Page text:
(1) The tier (A) biggest-population states occupy positions one through four in the table showing  ‘weightings’ of financial services jobs. New York City is one of the world’s premier financial capitals and, therefore, it’s a bit of a surprise that N.Y. state appears below California and Texas. But be aware that the Bureau of Labor Statistics (BLS)’s definition of financial services includes much more than investment houses and stock brokerages. The sector also encompasses commodities trading (Illinois), commercial banking, insurance companies and real estate firms.

(2) A couple of tier (C) states, Georgia and North Carolina (e.g., Bank of America and Wells Fargo in Charlotte), make respectable appearances (positions 9 and 10 respectively) in the left-hand ranking-by-weight (or nominal-level-of-jobs) table.

(3) With respect to ‘concentration’ of financial services jobs (i.e., per million of population), New York is the only one of the tier (A) states making it into the Top Dozen.

(4) The state with the highest ‘concentration’ of financial services jobs is Delaware. Delaware is a ‘sleeper’ success in the sector. It has an extraordinarily high number of finance-related jobs relative to its population. More than half of publicly-traded companies in the U.S. and more than 60% of Fortune 500 companies are incorporated in Delaware, to benefit from a more-relaxed and business-friendly regulatory environment.

(5) Nebraska, also with a high ranking for ‘concentration’, is known for insurance (Mutual of Omaha) and Warren Buffet’s Berkshire Hathaway conglomerate.

Map 1: Top 12 – Rankings of States by Industrial Sub-Sector Jobs – “Weight”
Share of Total U.S. Financial Services Jobs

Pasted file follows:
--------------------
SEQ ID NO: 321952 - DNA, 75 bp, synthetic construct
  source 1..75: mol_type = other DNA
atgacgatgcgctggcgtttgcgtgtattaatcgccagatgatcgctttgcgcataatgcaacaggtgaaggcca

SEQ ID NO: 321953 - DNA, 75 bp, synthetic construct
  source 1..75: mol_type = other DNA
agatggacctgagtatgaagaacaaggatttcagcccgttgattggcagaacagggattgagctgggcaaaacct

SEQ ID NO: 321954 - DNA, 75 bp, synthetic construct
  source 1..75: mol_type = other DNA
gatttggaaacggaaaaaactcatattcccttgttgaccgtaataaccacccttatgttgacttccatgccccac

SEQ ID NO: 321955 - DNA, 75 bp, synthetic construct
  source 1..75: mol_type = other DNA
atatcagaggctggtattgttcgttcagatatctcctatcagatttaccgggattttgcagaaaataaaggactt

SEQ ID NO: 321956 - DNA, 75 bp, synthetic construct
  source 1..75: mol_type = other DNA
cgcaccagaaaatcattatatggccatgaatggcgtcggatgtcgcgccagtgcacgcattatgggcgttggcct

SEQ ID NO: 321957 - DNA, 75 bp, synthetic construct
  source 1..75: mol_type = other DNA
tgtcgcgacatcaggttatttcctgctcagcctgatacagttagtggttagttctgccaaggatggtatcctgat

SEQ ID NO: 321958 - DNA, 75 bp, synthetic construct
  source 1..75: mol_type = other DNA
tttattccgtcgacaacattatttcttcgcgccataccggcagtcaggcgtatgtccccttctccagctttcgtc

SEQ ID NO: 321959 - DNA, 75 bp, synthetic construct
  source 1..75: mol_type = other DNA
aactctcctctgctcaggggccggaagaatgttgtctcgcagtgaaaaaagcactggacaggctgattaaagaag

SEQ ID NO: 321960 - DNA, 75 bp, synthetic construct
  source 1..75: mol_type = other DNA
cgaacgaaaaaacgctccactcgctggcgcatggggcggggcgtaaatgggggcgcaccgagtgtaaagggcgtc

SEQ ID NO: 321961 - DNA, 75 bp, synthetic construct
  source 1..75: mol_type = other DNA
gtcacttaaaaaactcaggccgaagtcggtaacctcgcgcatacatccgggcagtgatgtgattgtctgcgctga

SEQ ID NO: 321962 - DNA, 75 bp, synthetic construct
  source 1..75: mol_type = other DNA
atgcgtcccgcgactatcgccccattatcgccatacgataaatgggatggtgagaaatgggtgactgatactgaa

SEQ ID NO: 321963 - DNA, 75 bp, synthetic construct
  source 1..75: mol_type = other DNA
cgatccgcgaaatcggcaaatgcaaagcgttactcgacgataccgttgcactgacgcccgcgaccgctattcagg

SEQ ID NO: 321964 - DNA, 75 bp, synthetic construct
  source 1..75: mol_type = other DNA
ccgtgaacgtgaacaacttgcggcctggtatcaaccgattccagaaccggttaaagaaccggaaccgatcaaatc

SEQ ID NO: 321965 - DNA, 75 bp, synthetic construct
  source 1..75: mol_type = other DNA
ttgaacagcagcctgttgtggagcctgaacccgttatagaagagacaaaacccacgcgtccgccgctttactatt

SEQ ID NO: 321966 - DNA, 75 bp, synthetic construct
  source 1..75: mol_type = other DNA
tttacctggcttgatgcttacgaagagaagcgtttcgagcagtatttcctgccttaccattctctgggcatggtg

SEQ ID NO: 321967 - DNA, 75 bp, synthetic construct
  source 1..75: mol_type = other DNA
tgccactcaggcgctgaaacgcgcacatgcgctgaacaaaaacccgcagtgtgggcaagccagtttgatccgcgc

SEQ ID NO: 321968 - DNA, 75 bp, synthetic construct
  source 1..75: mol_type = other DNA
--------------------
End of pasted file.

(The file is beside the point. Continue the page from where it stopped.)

Top 12 – Rankings of States by Industrial Sub-Sector Jobs – “Weight” Share of Total U.S. Financial Services Jobs Map

Data source: Bureau of Labor Statistics (BLS).
Graphic: ConstructConnect.

Map 2: Top 12 – Rankings of States by Industrial Sub-Sector Jobs – “Concentration”
Financial Services Jobs Per Million Residents of the State

Map 1: Top 12 – Rankings of States by Industrial Sub-Sector Jobs – “Concentration - Manufacturing Jobs Per Million Residents of the State

Total U.S. number of financial services jobs per million population is 25.8.

Data source: Bureau of Labor Statistics (BLS).
Graphic: ConstructConnect.

Tables: Ranking of States by Financial Services Jobs

Table 1: Weight:     Table 2: Concentration:
Share of Total U.S.      FINANCIAL SERVICES Jobs
FINANCIAL SERVICES Jobs     Per Million Residents of the State
   
1 California 9.9%     1 Delaware 49.5
2 Texas 9.2%     2 District of Columbia 44.4
3 New York 8.5%     3 Nebraska 38.9
4 Florida 6.8%     4 New York 37.0
5 Illinois 4.7%     5 Connecticut 35.9
6 Pennsylvania 3.8%     6 Iowa 35.3
7 Ohio 3.7%     7 Rhode Island 34.7
8 New Jersey 2.9%     8 South Dakota 33.5
9 Georgia 2.9%     9 Massachusetts 32.2
10 North Carolina 2.8%     10 North Dakota 32.2
11 Massachusetts 2.6%     11 Minnesota 32.2
12 Michigan 2.6%     12 Illinois 31.3

Total U.S. number of financial services jobs per million population is 25.8.

Data source: Bureau of Labor Statistics (BLS).
Tables: ConstructConnect.